MIAMI (CBSMiami/AP) — Some ballparks have reputations that impact the way games are played there, but it gets a little confusing when a baseball stadium hosts a football game.
Marlins Park is considered pitcher friendly, meaning it’s tough to score there during baseball season.
Football games there are a bit different.
The first two Miami Beach Bowls have seen scoring sprees, and the third edition might provide another when Tulsa (9-3) meets Central Michigan (6-6) on Monday afternoon on a converted baseball field that the Miami Marlins call home.
Tulsa averaged 522.5 yards and 41.4 points a game this season and will be facing Central Michigan quarterback Cooper Rush — who comes into his final college game with 12,653 career passing yards, more than any other active major college player.
He is 253 yards shy of becoming the all-time leader in the Mid-American Conference.
“Excited about our opponent,” Tulsa coach Phillip Montgomery said. “Excited about the opportunity to represent our university in Miami. Excited about getting into warm weather.”
Central Michigan comes into this game having dropped four of its last five.
Both teams like the perk of finishing the season in balmy Miami — it was 9 degrees in Tulsa on Sunday morning, 14 degrees on Central Michigan’s campus and a breezy 81 at their bowl site — but neither coach thought his team would slip into vacation mode.
“This is a great reward for our team but it’s a business trip,” Chippewas coach John Bonamego said. “We have to keep that in mind. It’s OK to have some fun but we have to make sure that our work and the football stuff comes first.”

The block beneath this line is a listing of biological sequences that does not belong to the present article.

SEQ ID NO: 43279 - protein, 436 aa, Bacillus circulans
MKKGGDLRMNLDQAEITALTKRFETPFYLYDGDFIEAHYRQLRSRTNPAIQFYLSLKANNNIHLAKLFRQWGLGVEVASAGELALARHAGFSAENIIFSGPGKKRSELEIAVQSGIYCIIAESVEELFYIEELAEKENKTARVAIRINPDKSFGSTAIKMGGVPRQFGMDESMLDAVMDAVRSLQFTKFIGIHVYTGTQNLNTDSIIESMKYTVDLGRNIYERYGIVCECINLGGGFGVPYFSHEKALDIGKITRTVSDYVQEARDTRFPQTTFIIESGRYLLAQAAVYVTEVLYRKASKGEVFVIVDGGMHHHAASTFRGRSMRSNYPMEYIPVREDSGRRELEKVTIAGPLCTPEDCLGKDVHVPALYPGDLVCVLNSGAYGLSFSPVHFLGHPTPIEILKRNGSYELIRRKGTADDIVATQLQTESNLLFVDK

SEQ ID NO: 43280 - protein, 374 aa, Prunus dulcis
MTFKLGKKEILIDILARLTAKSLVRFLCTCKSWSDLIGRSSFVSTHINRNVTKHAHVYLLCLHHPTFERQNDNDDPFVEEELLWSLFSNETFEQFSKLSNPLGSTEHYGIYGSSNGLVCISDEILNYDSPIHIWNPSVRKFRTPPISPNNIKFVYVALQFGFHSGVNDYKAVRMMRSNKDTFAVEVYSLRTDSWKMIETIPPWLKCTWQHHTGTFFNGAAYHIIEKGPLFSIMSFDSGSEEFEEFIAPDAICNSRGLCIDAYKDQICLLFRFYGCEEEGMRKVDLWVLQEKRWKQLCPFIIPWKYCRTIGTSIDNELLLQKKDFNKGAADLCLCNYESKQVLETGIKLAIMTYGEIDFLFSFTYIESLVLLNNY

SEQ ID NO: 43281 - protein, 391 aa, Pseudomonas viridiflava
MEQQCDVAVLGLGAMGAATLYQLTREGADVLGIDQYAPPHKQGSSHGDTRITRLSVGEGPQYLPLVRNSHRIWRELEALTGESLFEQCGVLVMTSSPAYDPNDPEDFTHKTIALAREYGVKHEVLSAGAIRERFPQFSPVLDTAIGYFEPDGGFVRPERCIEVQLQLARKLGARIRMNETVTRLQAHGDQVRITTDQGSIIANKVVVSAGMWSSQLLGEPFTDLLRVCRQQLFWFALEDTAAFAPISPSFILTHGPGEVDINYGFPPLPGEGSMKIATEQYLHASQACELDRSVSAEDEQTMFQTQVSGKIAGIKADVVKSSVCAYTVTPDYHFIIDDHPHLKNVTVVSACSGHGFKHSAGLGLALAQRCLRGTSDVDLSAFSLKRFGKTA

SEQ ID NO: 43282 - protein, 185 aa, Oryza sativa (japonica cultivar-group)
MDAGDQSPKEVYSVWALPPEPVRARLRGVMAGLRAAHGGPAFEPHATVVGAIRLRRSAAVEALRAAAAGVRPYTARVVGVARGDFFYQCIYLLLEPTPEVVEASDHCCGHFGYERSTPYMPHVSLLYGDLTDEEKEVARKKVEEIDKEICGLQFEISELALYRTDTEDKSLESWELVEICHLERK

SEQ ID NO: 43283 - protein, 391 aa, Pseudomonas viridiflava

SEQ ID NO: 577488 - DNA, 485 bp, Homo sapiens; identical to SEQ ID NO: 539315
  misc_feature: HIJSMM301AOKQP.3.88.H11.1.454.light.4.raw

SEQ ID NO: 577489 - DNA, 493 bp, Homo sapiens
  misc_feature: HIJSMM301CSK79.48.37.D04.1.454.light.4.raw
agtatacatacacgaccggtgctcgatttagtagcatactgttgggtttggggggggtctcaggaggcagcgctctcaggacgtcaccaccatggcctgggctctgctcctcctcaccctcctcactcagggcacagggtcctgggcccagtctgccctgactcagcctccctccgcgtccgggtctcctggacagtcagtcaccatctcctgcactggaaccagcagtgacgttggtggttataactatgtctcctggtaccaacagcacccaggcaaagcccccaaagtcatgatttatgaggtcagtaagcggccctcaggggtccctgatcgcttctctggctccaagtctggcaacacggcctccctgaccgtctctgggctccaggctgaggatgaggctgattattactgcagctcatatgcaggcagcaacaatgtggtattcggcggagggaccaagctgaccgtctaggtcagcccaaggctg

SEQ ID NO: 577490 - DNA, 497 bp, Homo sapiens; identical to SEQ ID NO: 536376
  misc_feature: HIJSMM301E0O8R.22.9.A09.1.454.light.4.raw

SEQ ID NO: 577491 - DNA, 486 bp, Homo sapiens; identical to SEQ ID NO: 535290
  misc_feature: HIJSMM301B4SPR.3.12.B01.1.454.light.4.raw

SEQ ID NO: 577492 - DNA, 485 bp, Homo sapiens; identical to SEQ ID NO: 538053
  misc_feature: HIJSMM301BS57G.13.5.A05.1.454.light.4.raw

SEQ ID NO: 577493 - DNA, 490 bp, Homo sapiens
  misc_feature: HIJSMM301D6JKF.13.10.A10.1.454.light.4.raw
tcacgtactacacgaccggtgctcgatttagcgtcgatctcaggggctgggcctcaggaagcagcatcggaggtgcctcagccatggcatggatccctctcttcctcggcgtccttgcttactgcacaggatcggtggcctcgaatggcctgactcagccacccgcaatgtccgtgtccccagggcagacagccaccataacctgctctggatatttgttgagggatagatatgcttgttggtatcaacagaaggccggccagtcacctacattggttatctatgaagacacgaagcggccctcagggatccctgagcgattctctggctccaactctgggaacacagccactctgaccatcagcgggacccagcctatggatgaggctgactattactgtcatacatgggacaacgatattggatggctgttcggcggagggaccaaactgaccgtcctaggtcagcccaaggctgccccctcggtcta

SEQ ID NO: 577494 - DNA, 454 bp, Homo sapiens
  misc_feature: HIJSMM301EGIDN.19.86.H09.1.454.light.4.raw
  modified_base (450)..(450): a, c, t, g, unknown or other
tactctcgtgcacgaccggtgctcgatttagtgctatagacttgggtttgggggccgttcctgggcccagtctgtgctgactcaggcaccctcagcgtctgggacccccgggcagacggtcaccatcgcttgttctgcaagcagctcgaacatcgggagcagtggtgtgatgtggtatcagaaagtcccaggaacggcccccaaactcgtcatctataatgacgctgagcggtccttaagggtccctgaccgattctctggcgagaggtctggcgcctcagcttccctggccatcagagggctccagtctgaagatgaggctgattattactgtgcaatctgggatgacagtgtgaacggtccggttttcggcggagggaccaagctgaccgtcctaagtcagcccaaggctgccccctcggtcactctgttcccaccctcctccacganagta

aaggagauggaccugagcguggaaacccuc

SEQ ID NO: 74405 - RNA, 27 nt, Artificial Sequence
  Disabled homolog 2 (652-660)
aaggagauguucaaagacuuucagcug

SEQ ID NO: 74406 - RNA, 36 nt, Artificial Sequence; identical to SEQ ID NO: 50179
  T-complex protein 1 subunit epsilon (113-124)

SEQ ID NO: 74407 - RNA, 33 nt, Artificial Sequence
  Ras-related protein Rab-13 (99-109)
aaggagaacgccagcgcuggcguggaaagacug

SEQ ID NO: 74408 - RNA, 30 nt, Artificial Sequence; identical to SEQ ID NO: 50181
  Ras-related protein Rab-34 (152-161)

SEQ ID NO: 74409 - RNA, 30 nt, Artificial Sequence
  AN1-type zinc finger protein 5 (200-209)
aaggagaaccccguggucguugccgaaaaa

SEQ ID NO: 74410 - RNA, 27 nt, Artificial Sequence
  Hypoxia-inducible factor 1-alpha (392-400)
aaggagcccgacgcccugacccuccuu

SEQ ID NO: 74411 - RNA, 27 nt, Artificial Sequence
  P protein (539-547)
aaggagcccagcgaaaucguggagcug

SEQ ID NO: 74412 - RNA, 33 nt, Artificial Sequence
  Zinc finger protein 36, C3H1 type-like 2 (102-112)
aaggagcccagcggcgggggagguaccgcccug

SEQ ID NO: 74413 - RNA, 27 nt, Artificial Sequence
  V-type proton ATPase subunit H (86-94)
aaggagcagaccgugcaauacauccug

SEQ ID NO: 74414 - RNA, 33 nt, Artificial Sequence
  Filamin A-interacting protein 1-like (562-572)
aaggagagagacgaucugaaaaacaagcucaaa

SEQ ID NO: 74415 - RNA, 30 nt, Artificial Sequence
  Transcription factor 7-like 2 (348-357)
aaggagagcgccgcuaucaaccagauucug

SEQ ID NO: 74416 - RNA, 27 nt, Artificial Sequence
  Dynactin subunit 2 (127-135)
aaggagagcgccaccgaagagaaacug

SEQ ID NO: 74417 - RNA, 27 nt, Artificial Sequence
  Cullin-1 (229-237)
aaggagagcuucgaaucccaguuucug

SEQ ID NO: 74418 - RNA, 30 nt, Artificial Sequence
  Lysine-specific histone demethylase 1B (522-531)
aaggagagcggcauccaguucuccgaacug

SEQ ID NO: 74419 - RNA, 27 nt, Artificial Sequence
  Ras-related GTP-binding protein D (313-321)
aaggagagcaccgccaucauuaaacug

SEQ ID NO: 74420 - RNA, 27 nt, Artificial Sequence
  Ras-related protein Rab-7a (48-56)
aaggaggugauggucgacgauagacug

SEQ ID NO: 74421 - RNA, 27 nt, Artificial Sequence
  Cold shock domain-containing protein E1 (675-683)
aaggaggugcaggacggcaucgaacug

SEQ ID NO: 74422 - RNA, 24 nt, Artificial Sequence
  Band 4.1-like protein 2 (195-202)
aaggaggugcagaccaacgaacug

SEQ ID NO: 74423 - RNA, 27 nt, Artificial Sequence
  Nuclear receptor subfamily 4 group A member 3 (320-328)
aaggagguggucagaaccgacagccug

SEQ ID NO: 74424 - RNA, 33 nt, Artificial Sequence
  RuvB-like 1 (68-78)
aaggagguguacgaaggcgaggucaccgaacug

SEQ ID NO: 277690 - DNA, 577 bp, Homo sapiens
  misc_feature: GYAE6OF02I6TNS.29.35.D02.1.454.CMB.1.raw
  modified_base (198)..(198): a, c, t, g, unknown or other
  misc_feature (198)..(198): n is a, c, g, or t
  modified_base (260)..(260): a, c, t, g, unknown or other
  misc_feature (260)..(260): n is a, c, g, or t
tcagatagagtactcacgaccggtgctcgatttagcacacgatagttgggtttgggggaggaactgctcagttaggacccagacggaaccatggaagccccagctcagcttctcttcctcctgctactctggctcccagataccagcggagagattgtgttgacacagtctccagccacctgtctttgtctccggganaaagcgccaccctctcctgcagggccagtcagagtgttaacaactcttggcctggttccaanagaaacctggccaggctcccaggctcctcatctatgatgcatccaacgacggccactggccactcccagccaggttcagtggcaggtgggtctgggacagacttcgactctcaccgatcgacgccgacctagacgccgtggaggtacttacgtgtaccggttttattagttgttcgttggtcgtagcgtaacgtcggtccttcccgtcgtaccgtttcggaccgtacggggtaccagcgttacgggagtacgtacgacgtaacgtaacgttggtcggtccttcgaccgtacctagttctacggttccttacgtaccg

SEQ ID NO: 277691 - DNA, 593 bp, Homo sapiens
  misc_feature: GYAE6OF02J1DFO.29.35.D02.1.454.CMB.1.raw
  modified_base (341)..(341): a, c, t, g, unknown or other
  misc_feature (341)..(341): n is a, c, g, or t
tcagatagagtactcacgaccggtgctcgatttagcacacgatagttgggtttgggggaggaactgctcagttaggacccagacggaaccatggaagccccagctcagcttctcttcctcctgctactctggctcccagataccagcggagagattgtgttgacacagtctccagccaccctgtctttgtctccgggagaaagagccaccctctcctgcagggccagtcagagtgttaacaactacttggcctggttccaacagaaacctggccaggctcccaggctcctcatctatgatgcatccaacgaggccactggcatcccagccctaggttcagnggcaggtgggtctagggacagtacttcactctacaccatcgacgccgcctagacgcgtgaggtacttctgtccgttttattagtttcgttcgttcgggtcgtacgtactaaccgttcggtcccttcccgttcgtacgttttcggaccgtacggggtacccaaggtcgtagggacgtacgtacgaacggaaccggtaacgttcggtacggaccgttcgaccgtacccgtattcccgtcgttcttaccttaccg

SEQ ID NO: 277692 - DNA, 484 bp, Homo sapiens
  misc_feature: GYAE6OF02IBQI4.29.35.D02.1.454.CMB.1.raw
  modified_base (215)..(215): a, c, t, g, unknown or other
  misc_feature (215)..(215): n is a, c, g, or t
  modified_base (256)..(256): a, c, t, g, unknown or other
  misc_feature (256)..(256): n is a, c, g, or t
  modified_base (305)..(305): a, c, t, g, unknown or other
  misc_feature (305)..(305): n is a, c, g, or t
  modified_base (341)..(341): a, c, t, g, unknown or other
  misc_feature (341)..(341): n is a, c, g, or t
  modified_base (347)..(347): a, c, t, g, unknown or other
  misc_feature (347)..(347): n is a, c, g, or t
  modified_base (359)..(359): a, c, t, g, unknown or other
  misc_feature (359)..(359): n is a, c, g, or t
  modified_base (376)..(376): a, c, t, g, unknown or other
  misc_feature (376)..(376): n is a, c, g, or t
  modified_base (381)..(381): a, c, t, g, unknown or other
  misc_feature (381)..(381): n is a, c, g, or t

Some things to know for Monday’s game:
LOTS OF POINTS: Games at Marlins Park have not been thrilling for defensive coordinators. Scores of the first two Miami Beach Bowls — Memphis topped BYU 55-48 in 2014, and Western Kentucky beat South Florida 45-35 last year.
WELCOME HOME: Both teams have one player on the roster from Florida. Central Michigan has freshman fullback Oakley Lavallii, from Boca Raton — about an hour north of Marlins Park. Tulsa offensive lineman Alex Pagonis is from Gulf Breeze, about as far away from Miami as one can get and still be in the state.
Gulf Breeze is roughly a 700-mile drive from Miami, just slightly farther than the drive is to Tulsa from there. But this game is a return of sorts for Tulsa defensive coordinator Bill Young, who had that role for the University of Miami in 2008, and Bonamego — an assistant with the Miami Dolphins from 2008 through 2010.
GOING FOR 10: Tulsa is looking for its 10th bowl win, and 10th 10-win season. The Golden Hurricane are 9-11 in their past bowl appearances, and could hit the double-digit win mark for the first time since winning 11 games in 2011.
LOOKING BACK: Central Michigan got to bowl eligibility in part because of its disputed win at Oklahoma State in September. The Chippewas were erroneously awarded an untimed down after time expired, and Central Michigan turned that play into a Hail Mary pass that was caught and then lateraled for a touchdown. Tulsa had a dramatic win as well, rallying from 31-0 down to beat Fresno State 48-41 in overtime.
PRACTICE TIME: Playing one of the earlier bowls on the schedule left both teams scrambling a bit to get as many practices as they could in for this game. Bowl-bound teams can get up to 15 extra practices, though both Tulsa and Central Michigan had to maneuver around final exams. “It’s still much, much better than the alternative, which is not practicing at all,” Bonamego said.
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